Effective Treatments for Sexual Health Problems After Menopause

Effective Treatments for Sexual Health Problems After Menopause



While more than 70% of postmenopausal women report their sex life is important to them and they want to maintain it, more than half complain of low libido (sex drive) and diminished sexual frequency. Pain during intercourse (also known as dyspareunia) can occur from Genitourinary Syndrome of Menopause (GSM) symptoms. Dry, thin tissue is prone to feeling irritated and burning that worsens with friction during intercourse. This can lead to bleeding, more pain and irritation, and a dampened desire to repeat the experience. Low libido can occur from other reasons as well, such as psychosexual, cultural, ethnic, religious, or personal beliefs, other health issues, or partner-related problems (or lack of a partner).



When low libido is unrelated to other treatable physical issues such as GSM, it is called Hypoactive Sexual Desire Disorder (HSDD). Here is a short list of five evidence-based treatments for sexual dysfunctions related to GSM and HSDD (and there are many more):


1. Intra-vaginal estrogen (estradiol) is very effective in reversing vaginal atrophy and restoring tissue health, especially if started soon after problems begin. Vaginal estradiol is a local menopause hormone therapy available in a pill insert, cream or a diaphragm-type ring insert. There is minimal systemic absorption with local vaginal estrogen, so it can be safely continued by most women for years after menopause who don’t have contraindications.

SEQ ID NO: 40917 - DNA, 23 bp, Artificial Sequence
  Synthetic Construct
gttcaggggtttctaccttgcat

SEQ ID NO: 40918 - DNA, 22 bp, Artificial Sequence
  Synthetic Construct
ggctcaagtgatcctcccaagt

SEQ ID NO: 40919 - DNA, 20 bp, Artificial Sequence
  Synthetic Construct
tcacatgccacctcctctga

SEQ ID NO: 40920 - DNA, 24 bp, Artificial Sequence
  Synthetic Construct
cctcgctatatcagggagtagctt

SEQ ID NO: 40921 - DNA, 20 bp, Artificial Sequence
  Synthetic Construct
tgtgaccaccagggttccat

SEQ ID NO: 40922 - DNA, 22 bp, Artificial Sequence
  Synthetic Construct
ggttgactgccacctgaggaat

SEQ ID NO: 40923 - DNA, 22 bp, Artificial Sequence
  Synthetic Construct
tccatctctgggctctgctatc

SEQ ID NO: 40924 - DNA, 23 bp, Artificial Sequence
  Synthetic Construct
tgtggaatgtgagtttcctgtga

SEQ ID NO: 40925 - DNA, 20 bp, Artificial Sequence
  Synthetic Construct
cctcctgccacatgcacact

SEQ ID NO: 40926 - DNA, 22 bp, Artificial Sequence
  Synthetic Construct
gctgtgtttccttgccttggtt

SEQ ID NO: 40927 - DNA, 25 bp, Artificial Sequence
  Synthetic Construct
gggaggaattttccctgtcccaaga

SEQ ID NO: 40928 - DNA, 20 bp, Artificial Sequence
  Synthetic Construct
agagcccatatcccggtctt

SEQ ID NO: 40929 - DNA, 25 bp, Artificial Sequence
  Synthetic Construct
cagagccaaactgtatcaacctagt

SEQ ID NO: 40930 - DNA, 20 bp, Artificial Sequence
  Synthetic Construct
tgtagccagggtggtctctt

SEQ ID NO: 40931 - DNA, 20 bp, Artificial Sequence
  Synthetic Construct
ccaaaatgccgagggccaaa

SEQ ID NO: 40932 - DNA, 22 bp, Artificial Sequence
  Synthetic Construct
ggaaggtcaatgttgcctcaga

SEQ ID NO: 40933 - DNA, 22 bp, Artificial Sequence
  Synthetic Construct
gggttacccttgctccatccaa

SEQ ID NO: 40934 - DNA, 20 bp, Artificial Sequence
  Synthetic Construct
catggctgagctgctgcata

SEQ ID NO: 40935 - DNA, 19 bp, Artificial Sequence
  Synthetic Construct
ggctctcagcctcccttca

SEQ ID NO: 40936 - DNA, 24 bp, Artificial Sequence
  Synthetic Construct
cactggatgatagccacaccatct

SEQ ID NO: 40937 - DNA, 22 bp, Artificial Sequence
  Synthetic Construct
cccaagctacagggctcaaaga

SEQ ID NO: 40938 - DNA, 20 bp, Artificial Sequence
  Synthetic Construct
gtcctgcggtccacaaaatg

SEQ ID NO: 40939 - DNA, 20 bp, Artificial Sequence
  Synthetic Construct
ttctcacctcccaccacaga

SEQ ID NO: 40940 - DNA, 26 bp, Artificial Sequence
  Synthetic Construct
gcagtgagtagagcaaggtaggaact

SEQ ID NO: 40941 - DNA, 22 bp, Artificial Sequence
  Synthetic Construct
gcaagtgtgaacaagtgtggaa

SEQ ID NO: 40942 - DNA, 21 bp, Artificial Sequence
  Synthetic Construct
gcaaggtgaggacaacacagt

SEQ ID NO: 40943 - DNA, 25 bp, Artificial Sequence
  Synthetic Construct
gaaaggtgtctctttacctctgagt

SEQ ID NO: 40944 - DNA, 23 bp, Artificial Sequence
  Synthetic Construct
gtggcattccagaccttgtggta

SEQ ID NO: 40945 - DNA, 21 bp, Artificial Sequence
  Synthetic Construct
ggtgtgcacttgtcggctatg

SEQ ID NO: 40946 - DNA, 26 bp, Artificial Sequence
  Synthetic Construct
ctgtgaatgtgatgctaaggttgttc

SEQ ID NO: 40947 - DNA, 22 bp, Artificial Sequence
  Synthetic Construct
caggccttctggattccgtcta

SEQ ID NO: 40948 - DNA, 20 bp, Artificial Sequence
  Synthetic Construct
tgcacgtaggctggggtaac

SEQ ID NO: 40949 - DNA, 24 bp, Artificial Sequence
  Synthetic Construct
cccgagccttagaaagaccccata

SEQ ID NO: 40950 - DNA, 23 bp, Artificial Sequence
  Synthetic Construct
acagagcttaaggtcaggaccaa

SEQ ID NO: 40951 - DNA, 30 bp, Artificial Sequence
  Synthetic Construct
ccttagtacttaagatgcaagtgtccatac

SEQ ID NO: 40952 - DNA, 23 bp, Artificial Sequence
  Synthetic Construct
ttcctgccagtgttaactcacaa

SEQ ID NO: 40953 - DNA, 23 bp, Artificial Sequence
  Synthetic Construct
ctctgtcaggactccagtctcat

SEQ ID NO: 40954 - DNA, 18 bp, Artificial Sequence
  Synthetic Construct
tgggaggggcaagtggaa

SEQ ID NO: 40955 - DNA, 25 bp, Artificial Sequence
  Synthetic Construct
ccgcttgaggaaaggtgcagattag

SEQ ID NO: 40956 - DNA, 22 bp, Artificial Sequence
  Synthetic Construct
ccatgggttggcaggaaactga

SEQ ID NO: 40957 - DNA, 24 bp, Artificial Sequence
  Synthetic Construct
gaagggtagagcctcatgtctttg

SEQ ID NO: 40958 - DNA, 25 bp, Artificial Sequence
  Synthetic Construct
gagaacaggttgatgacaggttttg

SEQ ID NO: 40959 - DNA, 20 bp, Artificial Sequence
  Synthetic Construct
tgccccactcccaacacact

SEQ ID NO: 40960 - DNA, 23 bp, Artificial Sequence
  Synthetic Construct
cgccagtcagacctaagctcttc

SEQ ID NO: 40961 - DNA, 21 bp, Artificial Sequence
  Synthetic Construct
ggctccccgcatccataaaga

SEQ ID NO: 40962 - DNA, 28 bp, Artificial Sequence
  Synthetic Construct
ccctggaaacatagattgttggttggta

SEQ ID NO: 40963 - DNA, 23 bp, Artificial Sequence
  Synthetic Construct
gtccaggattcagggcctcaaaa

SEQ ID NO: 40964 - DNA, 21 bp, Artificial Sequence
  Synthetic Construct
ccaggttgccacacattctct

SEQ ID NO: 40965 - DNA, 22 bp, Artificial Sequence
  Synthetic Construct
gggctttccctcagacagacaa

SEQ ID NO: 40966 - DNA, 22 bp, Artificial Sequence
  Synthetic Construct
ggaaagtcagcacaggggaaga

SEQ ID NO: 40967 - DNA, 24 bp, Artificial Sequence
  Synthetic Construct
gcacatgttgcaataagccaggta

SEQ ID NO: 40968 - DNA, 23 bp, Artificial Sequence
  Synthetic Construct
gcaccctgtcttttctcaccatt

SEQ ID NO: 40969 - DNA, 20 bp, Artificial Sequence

2. Intravaginal dehydroepiandrosterone (DHEA) (prasterone) may be more helpful than vaginal estrogen if low libido is present. DHEA is an androgen that converts to both estrogen and testosterone in the vagina with minimal systemic effect. The added benefit of androgen conversion in local vaginal tissues stimulates sex drive. It has a good safety profile for most women who don’t have contraindications to estrogen therapy, although long-term safety studies are still underway.


3. Testosterone transdermal therapy at physiologic levels delivered via a patch may be effective treatment for HSDD unrelated to other treatable conditions. Because testosterone can become toxic at high levels, only transdermal application is recommended. It is too hard to monitor hormone levels in other formulations such as oral medications or injections.


4. Good quality lubricants with a pH close to the natural vaginal pH of 4.5 – 5.0 can relieve friction and reduce the risk of tears due to fragile tissue during intercourse. Avoid lubricants that contain harmful ingredients such as petroleum and alcohol, and stay away from products that heat up or contain colors.


5. Pelvic health physical therapy. That’s right, physical therapists (PT) who specialize in the evaluation and treatment of pelvic floor dysfunctions are the best-kept secret out there! A good pelvic PT can be very helpful in recovery from pelvic pain due to various causes and help manage distressful bowel and bladder problems affecting your sex life. They can also make recommendations for managing other menopause-associated problems to improve your quality of life!


Good sex doesn’t have to end after menopause regardless of the reason. Talk to your healthcare provider if you are experiencing problems affecting your quality of life.


anxiety, body image and menopause, estrogen, health education, hormone therapy, pelvic health, sex life, Vaginal health, women's health

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